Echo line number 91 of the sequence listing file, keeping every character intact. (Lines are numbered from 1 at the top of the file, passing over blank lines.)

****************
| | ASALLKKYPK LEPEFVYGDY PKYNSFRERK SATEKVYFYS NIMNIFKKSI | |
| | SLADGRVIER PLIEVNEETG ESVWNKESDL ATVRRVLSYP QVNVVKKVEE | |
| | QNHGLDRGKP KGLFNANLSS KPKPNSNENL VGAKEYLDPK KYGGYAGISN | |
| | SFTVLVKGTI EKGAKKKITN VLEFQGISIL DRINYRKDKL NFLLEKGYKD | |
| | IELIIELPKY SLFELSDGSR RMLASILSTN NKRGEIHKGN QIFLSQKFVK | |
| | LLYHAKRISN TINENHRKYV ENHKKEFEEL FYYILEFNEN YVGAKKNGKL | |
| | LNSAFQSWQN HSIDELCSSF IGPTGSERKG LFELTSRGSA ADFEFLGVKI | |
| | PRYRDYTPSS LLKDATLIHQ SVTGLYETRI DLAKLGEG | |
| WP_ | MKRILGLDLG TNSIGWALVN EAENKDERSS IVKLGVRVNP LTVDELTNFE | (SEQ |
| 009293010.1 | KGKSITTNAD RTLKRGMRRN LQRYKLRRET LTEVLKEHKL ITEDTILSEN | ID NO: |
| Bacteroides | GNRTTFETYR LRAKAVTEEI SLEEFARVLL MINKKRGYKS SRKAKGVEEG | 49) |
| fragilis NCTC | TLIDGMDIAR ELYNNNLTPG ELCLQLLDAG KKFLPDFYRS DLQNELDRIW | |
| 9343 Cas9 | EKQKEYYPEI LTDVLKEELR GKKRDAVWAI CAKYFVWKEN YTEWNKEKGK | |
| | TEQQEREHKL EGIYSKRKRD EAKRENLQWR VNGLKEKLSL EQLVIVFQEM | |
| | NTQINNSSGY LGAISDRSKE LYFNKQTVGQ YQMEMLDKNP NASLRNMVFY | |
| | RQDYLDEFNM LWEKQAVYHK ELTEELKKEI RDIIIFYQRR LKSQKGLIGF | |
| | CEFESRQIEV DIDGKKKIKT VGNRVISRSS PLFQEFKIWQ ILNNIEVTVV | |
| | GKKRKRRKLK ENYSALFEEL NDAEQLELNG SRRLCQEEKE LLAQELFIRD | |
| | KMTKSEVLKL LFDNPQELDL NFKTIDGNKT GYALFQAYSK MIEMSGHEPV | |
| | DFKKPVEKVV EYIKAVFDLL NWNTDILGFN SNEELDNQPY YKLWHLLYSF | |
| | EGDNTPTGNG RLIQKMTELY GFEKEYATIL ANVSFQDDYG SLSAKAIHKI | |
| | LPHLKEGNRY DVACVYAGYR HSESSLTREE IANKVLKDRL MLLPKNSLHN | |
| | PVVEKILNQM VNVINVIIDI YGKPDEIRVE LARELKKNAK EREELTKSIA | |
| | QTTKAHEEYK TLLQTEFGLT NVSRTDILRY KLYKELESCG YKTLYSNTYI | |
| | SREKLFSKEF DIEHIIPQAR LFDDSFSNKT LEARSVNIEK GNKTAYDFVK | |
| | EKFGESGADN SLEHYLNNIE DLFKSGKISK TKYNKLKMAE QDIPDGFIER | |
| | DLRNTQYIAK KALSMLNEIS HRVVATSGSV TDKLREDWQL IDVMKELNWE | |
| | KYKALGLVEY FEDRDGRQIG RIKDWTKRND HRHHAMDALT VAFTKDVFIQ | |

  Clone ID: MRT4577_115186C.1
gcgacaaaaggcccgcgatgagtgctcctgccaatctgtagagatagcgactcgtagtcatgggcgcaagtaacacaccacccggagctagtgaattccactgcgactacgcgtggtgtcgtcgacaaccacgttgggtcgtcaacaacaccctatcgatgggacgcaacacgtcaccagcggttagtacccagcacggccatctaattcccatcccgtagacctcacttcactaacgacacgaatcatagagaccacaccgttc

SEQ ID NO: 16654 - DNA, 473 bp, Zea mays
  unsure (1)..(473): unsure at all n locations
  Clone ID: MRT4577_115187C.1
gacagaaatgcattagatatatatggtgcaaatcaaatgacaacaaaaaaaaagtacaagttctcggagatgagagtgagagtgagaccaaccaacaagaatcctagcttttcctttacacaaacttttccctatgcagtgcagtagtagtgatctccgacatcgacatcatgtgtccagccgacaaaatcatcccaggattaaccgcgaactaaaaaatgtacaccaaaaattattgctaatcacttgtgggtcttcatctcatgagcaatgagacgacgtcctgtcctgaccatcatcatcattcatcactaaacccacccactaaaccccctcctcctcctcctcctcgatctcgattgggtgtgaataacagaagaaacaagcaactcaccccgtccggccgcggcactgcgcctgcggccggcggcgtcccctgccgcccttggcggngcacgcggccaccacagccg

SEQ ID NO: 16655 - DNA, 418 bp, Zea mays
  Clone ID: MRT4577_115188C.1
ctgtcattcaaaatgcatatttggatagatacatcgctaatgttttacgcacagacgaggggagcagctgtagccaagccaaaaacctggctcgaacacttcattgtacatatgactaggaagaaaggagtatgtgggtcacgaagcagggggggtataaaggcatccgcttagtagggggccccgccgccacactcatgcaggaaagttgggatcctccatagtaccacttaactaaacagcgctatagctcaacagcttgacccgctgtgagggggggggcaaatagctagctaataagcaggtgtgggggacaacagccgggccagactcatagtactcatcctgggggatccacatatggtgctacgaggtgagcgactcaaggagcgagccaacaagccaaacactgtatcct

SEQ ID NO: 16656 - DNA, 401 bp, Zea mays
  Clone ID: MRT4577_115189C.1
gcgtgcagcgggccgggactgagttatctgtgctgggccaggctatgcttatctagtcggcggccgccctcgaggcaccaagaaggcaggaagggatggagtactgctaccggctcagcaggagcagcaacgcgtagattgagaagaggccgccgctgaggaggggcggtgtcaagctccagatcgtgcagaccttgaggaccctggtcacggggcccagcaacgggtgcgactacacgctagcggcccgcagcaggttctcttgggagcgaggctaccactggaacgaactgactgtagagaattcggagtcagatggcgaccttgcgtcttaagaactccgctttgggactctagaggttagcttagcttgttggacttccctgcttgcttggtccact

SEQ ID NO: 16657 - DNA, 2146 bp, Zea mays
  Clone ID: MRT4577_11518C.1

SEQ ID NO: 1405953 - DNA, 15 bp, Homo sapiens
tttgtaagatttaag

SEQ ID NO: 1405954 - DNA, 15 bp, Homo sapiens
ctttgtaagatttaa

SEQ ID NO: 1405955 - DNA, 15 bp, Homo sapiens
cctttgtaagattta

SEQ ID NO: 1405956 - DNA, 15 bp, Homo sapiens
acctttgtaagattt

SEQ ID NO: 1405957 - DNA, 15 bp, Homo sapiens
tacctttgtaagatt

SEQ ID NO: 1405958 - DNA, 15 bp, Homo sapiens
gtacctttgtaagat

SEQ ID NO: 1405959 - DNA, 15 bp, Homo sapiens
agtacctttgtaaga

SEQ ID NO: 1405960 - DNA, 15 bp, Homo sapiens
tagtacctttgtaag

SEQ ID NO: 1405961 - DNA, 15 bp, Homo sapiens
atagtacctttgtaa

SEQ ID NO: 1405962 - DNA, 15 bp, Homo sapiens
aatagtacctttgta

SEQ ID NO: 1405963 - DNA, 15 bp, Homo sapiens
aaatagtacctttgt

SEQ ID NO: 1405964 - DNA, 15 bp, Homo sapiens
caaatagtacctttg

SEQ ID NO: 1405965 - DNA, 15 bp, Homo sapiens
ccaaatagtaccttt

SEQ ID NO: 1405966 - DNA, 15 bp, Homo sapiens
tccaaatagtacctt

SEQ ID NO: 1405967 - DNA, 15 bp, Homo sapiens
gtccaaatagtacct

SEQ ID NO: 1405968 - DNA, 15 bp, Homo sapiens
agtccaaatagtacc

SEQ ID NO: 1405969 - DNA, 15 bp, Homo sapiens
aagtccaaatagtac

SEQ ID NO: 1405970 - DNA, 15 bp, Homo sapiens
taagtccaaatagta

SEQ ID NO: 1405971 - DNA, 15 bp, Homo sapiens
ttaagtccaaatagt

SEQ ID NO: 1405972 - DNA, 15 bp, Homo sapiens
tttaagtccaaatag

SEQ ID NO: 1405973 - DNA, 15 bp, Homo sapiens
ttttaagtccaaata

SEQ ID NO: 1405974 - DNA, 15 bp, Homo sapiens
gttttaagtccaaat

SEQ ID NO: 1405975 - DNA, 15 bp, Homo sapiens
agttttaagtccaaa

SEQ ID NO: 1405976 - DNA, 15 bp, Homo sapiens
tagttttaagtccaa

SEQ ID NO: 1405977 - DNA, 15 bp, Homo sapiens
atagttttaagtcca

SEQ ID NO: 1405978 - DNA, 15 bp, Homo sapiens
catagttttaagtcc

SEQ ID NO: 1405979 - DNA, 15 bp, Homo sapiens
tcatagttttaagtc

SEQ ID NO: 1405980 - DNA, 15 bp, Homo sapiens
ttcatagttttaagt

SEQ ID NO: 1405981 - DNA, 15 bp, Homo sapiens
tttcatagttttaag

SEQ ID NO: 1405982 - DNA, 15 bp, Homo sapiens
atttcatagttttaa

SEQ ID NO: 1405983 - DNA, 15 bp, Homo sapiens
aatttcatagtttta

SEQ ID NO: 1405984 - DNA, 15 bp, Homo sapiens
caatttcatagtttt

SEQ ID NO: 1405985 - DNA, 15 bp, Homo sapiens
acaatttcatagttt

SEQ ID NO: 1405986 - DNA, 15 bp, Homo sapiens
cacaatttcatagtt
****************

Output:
SEQ ID NO: 1405977 - DNA, 15 bp, Homo sapiens